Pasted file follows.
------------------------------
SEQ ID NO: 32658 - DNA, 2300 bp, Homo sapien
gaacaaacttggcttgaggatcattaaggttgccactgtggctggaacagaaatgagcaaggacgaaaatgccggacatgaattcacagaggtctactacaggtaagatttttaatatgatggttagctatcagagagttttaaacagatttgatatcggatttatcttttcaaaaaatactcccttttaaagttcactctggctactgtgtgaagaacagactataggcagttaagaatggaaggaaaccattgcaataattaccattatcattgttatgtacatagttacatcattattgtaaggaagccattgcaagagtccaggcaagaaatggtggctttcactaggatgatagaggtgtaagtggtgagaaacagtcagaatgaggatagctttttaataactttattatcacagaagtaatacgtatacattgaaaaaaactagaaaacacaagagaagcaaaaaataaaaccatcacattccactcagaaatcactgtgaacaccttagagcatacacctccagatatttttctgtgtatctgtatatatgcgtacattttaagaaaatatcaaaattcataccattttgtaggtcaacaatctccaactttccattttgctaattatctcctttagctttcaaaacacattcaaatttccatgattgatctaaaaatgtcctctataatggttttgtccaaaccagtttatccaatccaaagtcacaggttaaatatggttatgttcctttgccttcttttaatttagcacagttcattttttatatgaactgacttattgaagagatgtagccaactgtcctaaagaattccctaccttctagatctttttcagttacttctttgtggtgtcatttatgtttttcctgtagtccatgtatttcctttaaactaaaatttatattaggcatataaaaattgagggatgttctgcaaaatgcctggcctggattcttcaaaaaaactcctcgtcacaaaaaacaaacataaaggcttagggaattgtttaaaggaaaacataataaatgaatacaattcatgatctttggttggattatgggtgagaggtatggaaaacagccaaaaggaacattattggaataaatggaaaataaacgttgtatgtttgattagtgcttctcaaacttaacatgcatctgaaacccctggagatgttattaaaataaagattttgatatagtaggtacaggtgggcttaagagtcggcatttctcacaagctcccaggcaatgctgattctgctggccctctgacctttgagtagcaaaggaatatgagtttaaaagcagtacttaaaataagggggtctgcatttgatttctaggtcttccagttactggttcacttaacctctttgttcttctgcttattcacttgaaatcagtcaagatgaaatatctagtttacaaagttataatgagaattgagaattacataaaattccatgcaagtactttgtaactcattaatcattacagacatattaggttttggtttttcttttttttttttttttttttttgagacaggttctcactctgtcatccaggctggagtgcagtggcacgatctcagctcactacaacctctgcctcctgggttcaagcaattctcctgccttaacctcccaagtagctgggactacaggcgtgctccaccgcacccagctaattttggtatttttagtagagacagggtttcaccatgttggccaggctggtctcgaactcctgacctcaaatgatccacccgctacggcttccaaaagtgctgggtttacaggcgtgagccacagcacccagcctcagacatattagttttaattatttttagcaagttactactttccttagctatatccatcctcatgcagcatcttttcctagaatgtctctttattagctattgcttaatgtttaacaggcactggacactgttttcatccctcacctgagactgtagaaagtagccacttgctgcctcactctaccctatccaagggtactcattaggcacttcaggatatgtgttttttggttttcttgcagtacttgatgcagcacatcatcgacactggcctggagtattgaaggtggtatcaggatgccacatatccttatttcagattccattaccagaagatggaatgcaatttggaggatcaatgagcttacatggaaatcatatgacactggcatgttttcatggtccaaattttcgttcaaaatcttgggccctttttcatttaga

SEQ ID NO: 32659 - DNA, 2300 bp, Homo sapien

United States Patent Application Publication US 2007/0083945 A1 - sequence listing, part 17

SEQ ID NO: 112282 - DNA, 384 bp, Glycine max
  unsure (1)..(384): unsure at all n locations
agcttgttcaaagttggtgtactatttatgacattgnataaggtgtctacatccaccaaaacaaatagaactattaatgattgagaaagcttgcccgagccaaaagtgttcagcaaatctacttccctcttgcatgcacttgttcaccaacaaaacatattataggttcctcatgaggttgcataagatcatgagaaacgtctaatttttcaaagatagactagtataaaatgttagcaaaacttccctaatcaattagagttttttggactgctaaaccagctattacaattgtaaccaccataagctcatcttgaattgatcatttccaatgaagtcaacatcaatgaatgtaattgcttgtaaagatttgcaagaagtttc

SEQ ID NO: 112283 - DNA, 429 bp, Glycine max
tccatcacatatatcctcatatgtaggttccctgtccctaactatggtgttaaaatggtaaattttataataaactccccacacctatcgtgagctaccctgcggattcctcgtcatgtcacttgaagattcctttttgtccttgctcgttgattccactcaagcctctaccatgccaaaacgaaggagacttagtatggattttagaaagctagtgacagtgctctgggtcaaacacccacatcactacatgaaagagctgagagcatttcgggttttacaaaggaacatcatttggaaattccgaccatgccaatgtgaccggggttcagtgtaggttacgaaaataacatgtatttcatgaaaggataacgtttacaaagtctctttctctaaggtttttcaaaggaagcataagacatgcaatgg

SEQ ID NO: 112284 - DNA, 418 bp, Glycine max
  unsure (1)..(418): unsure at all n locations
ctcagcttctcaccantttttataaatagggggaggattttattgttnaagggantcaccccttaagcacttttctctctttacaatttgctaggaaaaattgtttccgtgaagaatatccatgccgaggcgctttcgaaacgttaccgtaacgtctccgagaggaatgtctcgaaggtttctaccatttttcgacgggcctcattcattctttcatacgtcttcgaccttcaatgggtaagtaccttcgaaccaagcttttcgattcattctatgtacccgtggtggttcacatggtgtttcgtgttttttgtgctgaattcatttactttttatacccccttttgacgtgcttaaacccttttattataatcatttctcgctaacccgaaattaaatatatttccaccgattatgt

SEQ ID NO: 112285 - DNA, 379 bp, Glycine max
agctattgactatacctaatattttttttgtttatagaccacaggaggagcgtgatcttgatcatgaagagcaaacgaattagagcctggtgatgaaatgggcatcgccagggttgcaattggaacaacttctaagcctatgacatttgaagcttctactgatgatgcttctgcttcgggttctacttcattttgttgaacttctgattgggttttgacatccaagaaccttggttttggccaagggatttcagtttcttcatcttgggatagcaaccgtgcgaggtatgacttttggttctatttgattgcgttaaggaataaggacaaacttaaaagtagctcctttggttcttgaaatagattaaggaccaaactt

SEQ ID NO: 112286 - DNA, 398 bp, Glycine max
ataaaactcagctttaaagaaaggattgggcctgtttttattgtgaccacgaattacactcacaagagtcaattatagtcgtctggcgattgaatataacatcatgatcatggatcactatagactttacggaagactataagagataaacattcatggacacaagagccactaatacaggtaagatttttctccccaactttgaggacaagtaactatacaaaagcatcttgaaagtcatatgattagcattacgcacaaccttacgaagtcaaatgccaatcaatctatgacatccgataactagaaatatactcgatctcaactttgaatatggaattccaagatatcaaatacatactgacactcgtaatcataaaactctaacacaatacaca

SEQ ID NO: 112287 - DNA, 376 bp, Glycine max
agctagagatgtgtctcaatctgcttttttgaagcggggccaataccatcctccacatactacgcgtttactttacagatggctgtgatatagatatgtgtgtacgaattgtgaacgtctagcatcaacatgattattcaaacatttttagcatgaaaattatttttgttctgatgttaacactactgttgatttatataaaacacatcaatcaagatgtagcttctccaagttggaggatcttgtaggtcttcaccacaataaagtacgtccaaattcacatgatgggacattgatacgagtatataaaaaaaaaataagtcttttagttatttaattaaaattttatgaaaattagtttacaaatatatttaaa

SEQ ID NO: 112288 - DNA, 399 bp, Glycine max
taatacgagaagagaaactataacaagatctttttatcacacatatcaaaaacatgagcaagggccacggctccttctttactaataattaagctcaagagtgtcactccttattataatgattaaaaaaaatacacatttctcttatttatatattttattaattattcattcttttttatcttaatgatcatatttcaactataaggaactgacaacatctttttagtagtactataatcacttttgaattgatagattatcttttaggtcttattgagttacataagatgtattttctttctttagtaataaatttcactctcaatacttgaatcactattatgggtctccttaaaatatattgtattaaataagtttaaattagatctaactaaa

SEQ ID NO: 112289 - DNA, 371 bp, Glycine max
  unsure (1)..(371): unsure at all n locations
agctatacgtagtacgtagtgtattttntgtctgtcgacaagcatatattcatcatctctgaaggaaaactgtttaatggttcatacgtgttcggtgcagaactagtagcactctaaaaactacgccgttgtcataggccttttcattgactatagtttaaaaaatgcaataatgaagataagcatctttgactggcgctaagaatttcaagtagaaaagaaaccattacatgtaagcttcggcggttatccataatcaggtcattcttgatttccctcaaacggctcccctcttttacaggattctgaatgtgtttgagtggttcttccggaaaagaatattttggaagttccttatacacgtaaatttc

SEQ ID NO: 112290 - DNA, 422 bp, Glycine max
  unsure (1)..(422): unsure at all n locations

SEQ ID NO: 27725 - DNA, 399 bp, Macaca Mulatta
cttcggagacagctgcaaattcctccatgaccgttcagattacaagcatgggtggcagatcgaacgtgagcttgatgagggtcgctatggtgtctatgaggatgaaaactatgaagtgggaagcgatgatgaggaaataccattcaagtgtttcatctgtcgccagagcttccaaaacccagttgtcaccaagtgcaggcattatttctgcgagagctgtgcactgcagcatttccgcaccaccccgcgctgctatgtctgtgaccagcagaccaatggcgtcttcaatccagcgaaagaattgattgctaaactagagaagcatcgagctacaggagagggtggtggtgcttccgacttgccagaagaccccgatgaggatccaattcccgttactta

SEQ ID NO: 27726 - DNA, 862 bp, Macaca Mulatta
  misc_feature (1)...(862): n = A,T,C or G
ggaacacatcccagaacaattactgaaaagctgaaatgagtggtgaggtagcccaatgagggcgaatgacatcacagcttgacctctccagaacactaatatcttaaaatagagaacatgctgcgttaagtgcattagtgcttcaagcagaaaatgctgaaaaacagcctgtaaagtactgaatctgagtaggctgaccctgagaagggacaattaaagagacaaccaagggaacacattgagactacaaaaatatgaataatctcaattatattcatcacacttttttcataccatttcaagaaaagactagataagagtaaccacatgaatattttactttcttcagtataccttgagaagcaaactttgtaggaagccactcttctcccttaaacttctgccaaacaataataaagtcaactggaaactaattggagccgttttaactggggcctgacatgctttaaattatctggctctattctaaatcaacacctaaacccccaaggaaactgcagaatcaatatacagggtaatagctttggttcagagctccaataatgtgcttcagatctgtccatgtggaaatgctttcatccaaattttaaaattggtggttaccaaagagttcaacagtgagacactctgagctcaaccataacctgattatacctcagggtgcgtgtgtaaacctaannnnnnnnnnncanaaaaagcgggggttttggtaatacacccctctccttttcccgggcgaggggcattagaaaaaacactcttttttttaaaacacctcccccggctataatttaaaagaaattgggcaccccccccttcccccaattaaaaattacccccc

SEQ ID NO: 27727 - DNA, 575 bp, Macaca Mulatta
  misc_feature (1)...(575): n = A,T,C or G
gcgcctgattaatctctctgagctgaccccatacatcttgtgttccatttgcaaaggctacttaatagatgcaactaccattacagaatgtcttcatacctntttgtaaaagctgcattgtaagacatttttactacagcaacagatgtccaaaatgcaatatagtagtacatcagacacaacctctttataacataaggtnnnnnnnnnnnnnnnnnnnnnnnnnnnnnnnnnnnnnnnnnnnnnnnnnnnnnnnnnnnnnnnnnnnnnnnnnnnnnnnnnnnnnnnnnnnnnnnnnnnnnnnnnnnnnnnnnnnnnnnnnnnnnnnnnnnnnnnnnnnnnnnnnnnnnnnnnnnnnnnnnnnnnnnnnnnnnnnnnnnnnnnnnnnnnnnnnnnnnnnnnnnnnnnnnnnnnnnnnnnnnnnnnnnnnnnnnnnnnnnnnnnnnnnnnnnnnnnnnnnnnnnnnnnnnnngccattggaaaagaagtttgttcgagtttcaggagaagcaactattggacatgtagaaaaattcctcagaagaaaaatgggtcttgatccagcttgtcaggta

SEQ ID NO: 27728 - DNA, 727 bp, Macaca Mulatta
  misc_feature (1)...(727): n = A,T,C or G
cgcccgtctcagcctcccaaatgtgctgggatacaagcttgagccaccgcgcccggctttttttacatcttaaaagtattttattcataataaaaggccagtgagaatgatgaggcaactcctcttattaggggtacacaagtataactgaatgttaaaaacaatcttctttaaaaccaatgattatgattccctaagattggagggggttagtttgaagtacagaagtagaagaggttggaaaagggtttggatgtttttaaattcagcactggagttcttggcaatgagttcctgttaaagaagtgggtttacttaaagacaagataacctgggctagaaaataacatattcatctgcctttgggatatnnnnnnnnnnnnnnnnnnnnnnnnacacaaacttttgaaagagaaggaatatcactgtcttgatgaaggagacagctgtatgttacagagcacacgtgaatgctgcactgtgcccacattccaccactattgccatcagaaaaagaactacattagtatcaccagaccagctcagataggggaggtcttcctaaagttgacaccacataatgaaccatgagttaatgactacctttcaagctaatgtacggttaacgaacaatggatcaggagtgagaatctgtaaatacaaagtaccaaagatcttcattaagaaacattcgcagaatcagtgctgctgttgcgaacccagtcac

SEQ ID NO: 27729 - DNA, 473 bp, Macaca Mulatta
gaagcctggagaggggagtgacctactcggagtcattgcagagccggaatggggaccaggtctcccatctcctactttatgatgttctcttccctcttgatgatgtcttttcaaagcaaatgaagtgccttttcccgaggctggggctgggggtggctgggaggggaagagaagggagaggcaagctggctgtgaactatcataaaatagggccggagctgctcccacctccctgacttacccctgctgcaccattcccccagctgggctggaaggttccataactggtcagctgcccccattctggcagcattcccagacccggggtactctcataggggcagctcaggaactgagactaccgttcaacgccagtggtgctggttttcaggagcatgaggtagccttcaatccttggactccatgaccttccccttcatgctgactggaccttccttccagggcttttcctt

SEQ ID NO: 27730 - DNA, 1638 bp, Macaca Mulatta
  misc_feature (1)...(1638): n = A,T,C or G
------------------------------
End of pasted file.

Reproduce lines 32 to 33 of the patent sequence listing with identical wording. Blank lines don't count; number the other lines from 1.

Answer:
  misc_feature (1)...(575): n = A,T,C or G
gcgcctgattaatctctctgagctgaccccatacatcttgtgttccatttgcaaaggctacttaatagatgcaactaccattacagaatgtcttcatacctntttgtaaaagctgcattgtaagacatttttactacagcaacagatgtccaaaatgcaatatagtagtacatcagacacaacctctttataacataaggtnnnnnnnnnnnnnnnnnnnnnnnnnnnnnnnnnnnnnnnnnnnnnnnnnnnnnnnnnnnnnnnnnnnnnnnnnnnnnnnnnnnnnnnnnnnnnnnnnnnnnnnnnnnnnnnnnnnnnnnnnnnnnnnnnnnnnnnnnnnnnnnnnnnnnnnnnnnnnnnnnnnnnnnnnnnnnnnnnnnnnnnnnnnnnnnnnnnnnnnnnnnnnnnnnnnnnnnnnnnnnnnnnnnnnnnnnnnnnnnnnnnnnnnnnnnnnnnnnnnnnnnnnnnnnnngccattggaaaagaagtttgttcgagtttcaggagaagcaactattggacatgtagaaaaattcctcagaagaaaaatgggtcttgatccagcttgtcaggta